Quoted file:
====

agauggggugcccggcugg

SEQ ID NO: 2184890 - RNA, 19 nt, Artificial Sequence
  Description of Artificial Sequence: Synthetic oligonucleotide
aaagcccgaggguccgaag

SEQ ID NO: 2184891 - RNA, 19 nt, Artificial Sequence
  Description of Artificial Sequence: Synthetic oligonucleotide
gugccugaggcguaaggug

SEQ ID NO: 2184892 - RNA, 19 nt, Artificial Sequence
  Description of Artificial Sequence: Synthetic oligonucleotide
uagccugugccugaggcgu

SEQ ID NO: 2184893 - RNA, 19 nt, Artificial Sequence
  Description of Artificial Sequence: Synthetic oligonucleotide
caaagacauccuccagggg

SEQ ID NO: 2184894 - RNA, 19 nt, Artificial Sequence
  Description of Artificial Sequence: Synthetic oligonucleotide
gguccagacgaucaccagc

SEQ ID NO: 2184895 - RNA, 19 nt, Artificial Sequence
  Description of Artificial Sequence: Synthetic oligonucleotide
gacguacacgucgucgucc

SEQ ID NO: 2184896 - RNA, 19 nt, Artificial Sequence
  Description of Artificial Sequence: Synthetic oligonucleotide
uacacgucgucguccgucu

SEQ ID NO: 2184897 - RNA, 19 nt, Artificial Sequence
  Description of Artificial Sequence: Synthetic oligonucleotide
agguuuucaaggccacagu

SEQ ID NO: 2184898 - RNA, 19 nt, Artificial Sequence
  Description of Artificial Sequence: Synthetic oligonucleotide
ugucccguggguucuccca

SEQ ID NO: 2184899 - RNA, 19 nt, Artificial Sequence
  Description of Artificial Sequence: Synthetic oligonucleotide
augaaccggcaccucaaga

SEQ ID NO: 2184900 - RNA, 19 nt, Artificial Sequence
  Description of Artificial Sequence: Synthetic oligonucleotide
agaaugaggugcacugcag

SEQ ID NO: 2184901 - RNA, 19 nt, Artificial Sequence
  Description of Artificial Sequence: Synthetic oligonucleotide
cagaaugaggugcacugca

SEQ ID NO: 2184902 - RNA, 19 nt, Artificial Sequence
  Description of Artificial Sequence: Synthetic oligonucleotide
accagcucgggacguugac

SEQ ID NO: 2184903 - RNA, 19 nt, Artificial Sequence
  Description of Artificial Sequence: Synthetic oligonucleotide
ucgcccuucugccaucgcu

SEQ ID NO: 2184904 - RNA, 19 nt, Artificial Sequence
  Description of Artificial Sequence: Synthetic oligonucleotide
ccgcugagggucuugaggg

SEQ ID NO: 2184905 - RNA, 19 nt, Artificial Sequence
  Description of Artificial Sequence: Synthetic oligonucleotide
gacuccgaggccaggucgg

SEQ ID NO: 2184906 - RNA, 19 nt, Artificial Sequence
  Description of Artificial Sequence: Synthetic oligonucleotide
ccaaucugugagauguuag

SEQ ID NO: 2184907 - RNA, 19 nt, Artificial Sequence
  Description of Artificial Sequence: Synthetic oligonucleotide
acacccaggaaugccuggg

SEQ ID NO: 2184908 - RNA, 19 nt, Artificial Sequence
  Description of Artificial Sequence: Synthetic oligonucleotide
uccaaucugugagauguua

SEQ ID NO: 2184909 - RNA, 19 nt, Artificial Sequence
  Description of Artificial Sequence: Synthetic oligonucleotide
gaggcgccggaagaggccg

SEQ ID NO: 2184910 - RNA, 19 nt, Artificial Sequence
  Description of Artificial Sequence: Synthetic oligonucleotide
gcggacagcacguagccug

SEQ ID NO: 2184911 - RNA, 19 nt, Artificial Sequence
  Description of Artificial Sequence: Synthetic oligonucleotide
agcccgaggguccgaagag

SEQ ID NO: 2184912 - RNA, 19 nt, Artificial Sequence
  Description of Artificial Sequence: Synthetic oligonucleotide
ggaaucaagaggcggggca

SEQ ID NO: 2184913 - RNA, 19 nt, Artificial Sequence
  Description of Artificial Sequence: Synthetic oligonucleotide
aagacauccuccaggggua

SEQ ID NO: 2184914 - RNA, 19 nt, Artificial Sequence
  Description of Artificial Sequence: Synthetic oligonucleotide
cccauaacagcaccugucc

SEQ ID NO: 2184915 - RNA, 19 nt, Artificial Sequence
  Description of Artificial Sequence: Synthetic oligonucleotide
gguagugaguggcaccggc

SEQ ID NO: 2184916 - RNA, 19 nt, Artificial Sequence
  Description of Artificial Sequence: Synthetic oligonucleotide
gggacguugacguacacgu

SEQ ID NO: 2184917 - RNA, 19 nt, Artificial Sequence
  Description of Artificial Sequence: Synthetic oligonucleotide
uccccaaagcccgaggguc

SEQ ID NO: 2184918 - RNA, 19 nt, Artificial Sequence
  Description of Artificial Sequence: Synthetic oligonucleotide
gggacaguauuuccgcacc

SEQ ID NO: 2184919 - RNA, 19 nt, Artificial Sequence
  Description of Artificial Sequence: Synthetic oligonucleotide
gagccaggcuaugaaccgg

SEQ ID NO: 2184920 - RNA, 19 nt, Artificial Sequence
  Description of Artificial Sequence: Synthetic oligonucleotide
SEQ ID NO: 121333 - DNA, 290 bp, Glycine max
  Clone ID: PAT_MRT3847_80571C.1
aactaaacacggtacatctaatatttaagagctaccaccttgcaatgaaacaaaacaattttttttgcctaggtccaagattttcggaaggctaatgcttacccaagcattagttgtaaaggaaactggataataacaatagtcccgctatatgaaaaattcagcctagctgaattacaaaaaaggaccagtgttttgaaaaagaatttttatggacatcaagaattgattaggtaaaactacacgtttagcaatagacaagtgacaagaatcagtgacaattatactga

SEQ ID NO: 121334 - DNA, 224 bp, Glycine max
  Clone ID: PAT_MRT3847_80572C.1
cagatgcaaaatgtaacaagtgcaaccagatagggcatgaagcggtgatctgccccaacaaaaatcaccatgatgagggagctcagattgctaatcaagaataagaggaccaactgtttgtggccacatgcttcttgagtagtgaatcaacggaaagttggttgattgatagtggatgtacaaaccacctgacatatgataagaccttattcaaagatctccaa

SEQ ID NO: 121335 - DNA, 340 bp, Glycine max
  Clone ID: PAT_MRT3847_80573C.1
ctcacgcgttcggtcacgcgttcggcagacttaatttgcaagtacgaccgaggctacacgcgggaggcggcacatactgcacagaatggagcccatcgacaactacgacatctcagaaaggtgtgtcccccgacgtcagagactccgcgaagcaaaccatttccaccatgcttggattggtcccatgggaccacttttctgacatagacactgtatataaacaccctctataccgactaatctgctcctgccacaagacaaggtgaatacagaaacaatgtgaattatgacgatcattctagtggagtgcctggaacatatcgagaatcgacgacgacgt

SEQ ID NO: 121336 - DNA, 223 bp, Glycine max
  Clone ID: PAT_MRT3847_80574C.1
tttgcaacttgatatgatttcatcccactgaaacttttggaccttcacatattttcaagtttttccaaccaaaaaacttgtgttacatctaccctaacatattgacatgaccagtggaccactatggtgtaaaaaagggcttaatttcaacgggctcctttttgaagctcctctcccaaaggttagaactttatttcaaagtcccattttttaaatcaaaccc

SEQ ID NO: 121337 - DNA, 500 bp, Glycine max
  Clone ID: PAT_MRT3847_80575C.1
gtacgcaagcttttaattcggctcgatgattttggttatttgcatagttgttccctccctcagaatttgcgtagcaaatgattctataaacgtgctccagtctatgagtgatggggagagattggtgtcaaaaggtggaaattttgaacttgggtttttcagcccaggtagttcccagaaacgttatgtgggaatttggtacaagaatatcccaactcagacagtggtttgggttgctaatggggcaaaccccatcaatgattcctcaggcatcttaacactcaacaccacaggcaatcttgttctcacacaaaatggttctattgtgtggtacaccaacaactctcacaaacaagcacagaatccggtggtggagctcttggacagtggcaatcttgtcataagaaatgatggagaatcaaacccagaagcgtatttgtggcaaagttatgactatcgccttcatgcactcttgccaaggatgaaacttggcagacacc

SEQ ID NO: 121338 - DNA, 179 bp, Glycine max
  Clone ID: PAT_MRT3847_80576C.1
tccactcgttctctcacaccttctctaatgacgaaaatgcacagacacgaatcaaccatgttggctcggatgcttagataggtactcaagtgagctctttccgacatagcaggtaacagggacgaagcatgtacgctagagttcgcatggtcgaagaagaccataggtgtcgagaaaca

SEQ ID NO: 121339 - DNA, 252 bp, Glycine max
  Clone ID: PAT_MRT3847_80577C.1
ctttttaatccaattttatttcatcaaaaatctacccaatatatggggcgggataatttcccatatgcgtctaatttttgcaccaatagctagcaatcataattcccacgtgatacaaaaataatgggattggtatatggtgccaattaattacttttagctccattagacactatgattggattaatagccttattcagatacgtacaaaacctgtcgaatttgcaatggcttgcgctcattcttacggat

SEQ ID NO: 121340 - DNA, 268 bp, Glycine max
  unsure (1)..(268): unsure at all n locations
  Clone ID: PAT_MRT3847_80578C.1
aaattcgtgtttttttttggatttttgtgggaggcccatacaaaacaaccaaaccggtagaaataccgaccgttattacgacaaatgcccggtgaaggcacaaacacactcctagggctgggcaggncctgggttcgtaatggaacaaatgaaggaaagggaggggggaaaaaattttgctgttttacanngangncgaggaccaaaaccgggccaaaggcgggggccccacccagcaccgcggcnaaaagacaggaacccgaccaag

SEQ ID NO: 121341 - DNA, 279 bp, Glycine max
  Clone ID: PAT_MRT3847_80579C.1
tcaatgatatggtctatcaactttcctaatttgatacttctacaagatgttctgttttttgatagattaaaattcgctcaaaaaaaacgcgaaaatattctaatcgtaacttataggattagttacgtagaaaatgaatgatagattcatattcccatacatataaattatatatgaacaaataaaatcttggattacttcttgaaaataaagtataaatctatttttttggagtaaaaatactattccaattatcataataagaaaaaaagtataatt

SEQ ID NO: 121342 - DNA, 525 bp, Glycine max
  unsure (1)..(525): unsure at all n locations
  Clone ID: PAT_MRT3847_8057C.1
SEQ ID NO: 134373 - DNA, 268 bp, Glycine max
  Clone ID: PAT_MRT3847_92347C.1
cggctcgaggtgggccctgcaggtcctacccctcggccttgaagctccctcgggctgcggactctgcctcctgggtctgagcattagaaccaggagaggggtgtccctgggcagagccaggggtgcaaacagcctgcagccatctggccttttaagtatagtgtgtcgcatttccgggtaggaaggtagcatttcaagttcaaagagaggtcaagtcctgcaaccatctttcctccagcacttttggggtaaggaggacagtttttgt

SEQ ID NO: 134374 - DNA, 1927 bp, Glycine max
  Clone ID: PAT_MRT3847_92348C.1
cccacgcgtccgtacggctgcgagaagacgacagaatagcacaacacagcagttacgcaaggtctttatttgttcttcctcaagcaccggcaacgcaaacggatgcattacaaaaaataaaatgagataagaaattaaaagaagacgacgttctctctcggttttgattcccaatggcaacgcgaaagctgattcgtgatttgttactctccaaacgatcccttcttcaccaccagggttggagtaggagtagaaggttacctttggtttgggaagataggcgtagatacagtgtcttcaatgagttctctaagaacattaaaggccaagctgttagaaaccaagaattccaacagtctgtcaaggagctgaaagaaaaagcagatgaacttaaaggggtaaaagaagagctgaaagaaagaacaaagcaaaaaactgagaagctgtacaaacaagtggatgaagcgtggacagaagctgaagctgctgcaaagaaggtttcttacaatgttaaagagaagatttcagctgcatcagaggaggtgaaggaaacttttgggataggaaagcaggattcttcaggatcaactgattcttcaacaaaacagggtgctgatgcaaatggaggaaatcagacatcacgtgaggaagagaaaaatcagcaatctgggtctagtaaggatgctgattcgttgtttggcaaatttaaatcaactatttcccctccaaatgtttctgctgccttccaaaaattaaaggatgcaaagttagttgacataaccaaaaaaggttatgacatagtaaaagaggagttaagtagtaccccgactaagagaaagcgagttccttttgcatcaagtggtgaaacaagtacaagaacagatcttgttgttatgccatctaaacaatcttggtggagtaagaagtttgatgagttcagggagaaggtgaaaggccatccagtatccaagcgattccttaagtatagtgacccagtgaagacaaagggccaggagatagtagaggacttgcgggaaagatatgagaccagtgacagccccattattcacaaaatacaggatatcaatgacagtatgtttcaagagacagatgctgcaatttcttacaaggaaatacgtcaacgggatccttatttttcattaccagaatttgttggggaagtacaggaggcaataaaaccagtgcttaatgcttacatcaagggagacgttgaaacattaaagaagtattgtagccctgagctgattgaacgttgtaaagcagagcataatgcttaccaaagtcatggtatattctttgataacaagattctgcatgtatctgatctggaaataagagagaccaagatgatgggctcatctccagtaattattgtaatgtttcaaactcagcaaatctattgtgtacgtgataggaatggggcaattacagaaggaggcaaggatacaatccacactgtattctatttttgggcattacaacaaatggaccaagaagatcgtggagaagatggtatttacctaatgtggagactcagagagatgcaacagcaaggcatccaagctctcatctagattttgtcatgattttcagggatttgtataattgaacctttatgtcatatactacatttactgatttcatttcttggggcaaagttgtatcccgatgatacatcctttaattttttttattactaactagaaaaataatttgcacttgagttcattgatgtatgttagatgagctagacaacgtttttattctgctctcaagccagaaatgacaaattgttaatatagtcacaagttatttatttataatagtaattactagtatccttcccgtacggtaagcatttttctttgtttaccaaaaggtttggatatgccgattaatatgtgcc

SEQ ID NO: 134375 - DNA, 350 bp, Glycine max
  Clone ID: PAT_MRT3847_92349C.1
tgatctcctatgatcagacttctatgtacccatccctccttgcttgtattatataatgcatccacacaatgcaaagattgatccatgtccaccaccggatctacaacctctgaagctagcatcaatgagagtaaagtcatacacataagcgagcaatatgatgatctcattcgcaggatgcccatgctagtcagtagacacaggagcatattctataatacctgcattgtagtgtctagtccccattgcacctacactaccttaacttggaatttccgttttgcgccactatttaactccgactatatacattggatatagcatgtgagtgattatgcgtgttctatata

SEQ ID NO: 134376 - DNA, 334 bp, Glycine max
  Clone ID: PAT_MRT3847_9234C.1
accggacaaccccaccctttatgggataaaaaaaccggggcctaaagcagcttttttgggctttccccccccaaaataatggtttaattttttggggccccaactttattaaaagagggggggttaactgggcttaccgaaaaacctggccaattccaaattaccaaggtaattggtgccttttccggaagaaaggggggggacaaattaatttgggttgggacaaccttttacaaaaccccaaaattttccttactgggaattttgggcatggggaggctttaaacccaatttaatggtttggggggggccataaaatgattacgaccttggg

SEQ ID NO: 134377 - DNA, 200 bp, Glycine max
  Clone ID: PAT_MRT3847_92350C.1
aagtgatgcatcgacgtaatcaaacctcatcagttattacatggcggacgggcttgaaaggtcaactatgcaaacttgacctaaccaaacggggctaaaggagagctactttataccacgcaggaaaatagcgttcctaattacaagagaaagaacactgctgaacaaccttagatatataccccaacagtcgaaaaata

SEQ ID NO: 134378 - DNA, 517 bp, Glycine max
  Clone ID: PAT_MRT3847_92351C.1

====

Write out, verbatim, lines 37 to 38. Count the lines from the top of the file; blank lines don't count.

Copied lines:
cagaaugaggugcacugca

SEQ ID NO: 2184902 - RNA, 19 nt, Artificial Sequence